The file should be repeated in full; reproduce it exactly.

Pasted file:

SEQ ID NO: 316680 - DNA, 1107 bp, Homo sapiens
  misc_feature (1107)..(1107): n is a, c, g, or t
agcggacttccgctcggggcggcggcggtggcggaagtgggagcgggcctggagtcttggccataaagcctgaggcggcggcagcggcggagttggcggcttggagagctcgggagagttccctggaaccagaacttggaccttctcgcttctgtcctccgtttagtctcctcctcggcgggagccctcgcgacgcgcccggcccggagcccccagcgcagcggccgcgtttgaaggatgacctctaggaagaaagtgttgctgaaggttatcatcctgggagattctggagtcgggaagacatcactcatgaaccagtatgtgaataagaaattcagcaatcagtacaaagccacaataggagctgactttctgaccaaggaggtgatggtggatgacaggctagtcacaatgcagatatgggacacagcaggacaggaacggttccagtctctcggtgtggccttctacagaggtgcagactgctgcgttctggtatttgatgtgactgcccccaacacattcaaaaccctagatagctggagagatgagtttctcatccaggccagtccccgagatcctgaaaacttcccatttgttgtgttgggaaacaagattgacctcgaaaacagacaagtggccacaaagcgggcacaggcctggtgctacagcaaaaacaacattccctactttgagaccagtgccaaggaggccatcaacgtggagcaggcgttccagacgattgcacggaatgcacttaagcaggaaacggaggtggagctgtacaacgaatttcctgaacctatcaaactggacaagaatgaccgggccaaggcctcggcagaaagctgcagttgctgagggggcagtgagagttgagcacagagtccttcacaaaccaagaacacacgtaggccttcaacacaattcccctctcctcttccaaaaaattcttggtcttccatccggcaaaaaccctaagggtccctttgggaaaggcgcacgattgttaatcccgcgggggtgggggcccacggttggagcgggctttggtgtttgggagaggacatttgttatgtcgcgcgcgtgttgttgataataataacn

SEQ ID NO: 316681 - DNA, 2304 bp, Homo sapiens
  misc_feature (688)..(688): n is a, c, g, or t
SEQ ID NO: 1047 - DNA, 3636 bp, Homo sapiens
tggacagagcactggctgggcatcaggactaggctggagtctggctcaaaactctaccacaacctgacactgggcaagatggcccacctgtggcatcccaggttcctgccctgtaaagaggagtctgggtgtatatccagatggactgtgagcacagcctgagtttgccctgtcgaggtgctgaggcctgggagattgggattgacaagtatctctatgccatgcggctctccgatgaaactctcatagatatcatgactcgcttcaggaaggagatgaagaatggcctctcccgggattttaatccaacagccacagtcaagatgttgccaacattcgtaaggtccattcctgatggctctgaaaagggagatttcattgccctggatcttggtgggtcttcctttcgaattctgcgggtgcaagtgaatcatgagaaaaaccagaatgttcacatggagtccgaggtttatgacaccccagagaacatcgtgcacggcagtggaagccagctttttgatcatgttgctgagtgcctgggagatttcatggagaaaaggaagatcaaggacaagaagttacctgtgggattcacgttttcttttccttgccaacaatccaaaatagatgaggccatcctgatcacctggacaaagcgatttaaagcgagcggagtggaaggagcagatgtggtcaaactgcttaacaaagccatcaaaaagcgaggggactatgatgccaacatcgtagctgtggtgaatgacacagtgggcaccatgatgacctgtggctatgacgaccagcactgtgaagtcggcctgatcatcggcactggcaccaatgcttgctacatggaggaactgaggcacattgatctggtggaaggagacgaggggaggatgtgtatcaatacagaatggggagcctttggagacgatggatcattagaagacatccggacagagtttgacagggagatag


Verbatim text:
SEQ ID NO: 316680 - DNA, 1107 bp, Homo sapiens
  misc_feature (1107)..(1107): n is a, c, g, or t
agcggacttccgctcggggcggcggcggtggcggaagtgggagcgggcctggagtcttggccataaagcctgaggcggcggcagcggcggagttggcggcttggagagctcgggagagttccctggaaccagaacttggaccttctcgcttctgtcctccgtttagtctcctcctcggcgggagccctcgcgacgcgcccggcccggagcccccagcgcagcggccgcgtttgaaggatgacctctaggaagaaagtgttgctgaaggttatcatcctgggagattctggagtcgggaagacatcactcatgaaccagtatgtgaataagaaattcagcaatcagtacaaagccacaataggagctgactttctgaccaaggaggtgatggtggatgacaggctagtcacaatgcagatatgggacacagcaggacaggaacggttccagtctctcggtgtggccttctacagaggtgcagactgctgcgttctggtatttgatgtgactgcccccaacacattcaaaaccctagatagctggagagatgagtttctcatccaggccagtccccgagatcctgaaaacttcccatttgttgtgttgggaaacaagattgacctcgaaaacagacaagtggccacaaagcgggcacaggcctggtgctacagcaaaaacaacattccctactttgagaccagtgccaaggaggccatcaacgtggagcaggcgttccagacgattgcacggaatgcacttaagcaggaaacggaggtggagctgtacaacgaatttcctgaacctatcaaactggacaagaatgaccgggccaaggcctcggcagaaagctgcagttgctgagggggcagtgagagttgagcacagagtccttcacaaaccaagaacacacgtaggccttcaacacaattcccctctcctcttccaaaaaattcttggtcttccatccggcaaaaaccctaagggtccctttgggaaaggcgcacgattgttaatcccgcgggggtgggggcccacggttggagcgggctttggtgtttgggagaggacatttgttatgtcgcgcgcgtgttgttgataataataacn

SEQ ID NO: 316681 - DNA, 2304 bp, Homo sapiens
  misc_feature (688)..(688): n is a, c, g, or t
SEQ ID NO: 1047 - DNA, 3636 bp, Homo sapiens
tggacagagcactggctgggcatcaggactaggctggagtctggctcaaaactctaccacaacctgacactgggcaagatggcccacctgtggcatcccaggttcctgccctgtaaagaggagtctgggtgtatatccagatggactgtgagcacagcctgagtttgccctgtcgaggtgctgaggcctgggagattgggattgacaagtatctctatgccatgcggctctccgatgaaactctcatagatatcatgactcgcttcaggaaggagatgaagaatggcctctcccgggattttaatccaacagccacagtcaagatgttgccaacattcgtaaggtccattcctgatggctctgaaaagggagatttcattgccctggatcttggtgggtcttcctttcgaattctgcgggtgcaagtgaatcatgagaaaaaccagaatgttcacatggagtccgaggtttatgacaccccagagaacatcgtgcacggcagtggaagccagctttttgatcatgttgctgagtgcctgggagatttcatggagaaaaggaagatcaaggacaagaagttacctgtgggattcacgttttcttttccttgccaacaatccaaaatagatgaggccatcctgatcacctggacaaagcgatttaaagcgagcggagtggaaggagcagatgtggtcaaactgcttaacaaagccatcaaaaagcgaggggactatgatgccaacatcgtagctgtggtgaatgacacagtgggcaccatgatgacctgtggctatgacgaccagcactgtgaagtcggcctgatcatcggcactggcaccaatgcttgctacatggaggaactgaggcacattgatctggtggaaggagacgaggggaggatgtgtatcaatacagaatggggagcctttggagacgatggatcattagaagacatccggacagagtttgacagggagatag